To be honest, I learned this lesson way before I went on vacation but I thought it worthy of being mentioned here. Yes, it is true that social media can be a great tool for getting information out to a lot of people with minimal amount of effort. Dance teachers will post on instagram when they’re teaching a class, or a cast reunion might be organized through a group facebook page. And I totally understand FOMO, but in reality “missing out” on something isn’t the end of the world. Also, if someone really wants you to be somewhere and you haven’t responded to their facebook invite I guarantee they will reach out to you directly. This has happened to me and let me tell you it felt really good to know that my presence was specifically requested.
3. Your life is meant to be lived and experienced. Why would you want to waste some of it watching other people living and experiencing theirs?
This one sentence could be the thesis statement for an entire blog but I will try to briefly unpack it here. I think it’s human nature to be nosy about what other people are up to, that’s why gossip was invented. But with instagram there’s no escaping it, unless you exit the app, of course. Instagram, youtube, etc. have all fed this growing obsession with watching other people live their lives. And what’s even more upsetting (at least to me anyway) is that people who have lots of followers are literally getting paid so that you can sit on your couch and watch them live their seemingly glamorous, beautiful, perfect lives. Yes, sometimes good information can be gained depending on the type of people you’re following: personal trainers share good workout tips, a crafty mom blogger might show you a fun DIY project, and a vegan foodie could open your eyes (and mouth!) to some new favorite recipes. But there’s a fine line between gaining new, useful information and loosing half of your precious life to a screen without being aware of it.
And last but not least…
4. You’re better off not relying on instagram to keep tabs on what your friends are up to.
I told you I’d explain this. The number one thing I fell in love with about being off instagram while on vacation was not having any clue what people were up to. First of all, we all know how accurately instagram depicts what is actually going on in each of our lives (wink, wink). Our instagram feeds are purposely curated to only show our proudest, most beautiful, most impressive moments. Seeing photo after photo of all of your friends living lives that look like they’re way cooler than yours is the perfect way to develop a case of low self-esteem. Secondly, after my vacation was over and I was back in the city, I realized that I really enjoyed having to ask people what they were up to. Typically when I run into people and I ask “what’s new” I already have an idea of what their answer will be because I’ve seen it advertised on instagram all week. But not knowing how my question would be answered caused me to listen more attentively. Posting on instagram, scrolling through instagram, liking photos, and even commenting is so impersonal. There’s no real human exchange going on. But when I had to ask a friend of mine what they were up to and actively listen to the answer I felt like I was truly reconnecting with an old friend who I hadn’t seen in a while.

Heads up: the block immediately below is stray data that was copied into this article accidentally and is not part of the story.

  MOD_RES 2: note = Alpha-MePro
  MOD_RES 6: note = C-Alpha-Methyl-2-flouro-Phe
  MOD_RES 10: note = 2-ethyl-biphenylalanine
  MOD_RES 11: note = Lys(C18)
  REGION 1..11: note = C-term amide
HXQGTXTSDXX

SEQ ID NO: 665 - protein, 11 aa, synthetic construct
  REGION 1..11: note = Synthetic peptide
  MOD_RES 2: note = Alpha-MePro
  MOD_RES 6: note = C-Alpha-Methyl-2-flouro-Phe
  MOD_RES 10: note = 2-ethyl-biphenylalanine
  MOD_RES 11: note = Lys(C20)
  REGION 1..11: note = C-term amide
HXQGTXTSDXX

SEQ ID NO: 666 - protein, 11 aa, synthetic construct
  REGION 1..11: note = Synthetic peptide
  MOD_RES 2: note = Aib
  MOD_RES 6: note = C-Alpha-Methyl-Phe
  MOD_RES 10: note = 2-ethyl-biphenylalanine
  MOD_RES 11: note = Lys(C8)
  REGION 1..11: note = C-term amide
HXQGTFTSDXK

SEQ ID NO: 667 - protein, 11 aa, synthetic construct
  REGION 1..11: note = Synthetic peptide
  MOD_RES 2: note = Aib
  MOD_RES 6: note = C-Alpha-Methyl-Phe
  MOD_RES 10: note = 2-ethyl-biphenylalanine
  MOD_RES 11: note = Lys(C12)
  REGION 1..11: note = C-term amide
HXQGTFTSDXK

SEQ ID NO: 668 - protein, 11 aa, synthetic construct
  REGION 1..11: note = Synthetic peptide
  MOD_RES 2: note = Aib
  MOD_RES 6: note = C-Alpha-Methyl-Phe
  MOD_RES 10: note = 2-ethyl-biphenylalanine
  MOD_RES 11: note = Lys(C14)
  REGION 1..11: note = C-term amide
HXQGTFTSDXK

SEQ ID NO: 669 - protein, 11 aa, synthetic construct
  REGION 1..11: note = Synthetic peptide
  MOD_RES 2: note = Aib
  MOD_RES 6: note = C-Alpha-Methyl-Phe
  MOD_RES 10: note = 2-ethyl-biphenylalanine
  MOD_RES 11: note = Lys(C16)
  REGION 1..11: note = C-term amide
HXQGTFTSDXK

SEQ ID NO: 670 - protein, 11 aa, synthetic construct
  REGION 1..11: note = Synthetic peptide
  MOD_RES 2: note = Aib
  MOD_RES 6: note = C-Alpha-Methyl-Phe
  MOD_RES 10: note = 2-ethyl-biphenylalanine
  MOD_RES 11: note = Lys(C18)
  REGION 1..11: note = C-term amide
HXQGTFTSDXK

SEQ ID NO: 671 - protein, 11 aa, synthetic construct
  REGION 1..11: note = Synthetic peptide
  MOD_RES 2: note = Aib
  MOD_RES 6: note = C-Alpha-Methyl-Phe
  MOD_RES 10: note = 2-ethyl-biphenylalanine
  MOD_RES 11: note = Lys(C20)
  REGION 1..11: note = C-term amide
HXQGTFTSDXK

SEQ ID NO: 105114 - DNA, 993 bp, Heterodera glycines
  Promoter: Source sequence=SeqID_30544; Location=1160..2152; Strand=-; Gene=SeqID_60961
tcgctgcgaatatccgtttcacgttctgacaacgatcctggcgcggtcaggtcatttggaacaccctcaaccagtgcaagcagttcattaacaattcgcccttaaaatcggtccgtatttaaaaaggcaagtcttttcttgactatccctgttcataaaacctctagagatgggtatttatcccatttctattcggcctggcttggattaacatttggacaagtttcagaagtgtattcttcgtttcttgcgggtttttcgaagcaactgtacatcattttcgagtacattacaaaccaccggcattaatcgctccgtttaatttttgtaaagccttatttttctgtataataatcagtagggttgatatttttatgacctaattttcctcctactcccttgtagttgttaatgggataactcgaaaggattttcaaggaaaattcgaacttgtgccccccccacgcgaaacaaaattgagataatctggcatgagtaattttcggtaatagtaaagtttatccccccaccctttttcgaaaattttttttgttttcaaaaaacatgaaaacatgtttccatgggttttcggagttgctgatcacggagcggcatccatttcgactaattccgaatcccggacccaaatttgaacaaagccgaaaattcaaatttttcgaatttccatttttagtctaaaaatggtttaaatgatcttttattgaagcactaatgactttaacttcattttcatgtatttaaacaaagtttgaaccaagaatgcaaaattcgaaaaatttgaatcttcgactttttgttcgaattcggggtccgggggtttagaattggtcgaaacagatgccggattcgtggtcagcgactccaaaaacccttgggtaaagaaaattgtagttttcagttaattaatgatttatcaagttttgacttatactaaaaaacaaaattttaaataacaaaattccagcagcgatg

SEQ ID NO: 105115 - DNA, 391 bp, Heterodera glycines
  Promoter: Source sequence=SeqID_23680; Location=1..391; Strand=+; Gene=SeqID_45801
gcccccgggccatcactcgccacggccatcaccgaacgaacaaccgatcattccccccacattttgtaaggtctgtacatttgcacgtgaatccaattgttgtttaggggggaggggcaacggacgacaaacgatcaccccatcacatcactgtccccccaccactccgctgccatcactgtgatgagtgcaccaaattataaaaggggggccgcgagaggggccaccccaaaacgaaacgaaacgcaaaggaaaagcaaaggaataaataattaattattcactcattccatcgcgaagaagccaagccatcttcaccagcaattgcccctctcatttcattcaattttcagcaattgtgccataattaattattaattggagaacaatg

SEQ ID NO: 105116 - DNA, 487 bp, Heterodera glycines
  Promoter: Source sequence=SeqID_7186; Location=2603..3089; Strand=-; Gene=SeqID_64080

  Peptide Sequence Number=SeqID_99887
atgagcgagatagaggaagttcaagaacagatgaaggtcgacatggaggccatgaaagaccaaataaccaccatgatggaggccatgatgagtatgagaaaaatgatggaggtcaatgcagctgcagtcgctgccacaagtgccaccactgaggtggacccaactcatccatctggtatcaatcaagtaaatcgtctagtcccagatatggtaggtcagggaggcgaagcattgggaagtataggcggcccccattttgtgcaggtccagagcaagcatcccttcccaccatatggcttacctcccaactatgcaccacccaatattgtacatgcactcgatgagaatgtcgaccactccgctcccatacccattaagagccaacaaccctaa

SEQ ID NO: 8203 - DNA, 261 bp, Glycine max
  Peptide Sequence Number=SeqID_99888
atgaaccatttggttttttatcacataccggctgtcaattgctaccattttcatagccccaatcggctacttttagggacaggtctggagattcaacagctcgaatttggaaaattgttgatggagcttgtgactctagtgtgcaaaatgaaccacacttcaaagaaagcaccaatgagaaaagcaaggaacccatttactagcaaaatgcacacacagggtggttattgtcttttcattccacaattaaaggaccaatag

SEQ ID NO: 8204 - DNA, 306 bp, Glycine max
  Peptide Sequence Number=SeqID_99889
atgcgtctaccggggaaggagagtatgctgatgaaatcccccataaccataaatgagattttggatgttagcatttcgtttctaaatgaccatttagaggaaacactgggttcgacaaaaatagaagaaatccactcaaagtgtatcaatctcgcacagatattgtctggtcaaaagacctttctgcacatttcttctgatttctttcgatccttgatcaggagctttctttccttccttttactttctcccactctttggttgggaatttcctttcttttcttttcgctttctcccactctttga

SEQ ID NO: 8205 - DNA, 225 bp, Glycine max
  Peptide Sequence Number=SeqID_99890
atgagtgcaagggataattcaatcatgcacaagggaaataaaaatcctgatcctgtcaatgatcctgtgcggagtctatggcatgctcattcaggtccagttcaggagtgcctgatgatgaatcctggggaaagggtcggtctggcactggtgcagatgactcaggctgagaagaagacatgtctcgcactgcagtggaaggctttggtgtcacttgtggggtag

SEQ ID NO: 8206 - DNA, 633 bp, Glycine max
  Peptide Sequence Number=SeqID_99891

So what’s my point in all of this? I’m not saying we should all quit social media completely. I do understand that it has its uses, especially in our industry, with more and more casting directors asking about online presence in auditions. (No, this isn’t some old wive’s tale, this really does happen.) But in general, I think we’re all spending too much time on our devices. We could all use to add some balance back into our lives. Most parents I babysit for have very specific rules regarding how much screen time is allowed per day. I think maybe we could all treat ourselves the way we treat our children. There’s a reason we limit how much screen time we allow our kids to have. Why does all of that suddenly go out the window when dealing with ourselves? (I feel the same way regarding exercise and eating healthy but that’s a conversation for another day.)
And to be completely honest and vulnerable (because what would one of my blog posts be without a touch of vulnerability) I think we’re all a little lonely. No, I don’t mean romantically. I think we miss human connection. I think we’ve gotten out of touch with our natural ability to open up and be vulnerable with people we love because we’ve relied on texting and typing and messaging for over a decade. It uses very little emotional energy to text someone “I love you! Miss you!” It requires a whole different level of opening up to look someone in the eye and say those same words and for some, that might seem scary.
So dear reader, if you’ve read this far I want to thank you for indulging me on a subject I’ve become quite passionate about. I hope we can find the time to connect for real in the coming weeks and share what’s on our minds and in our hearts. Ta-ta for now.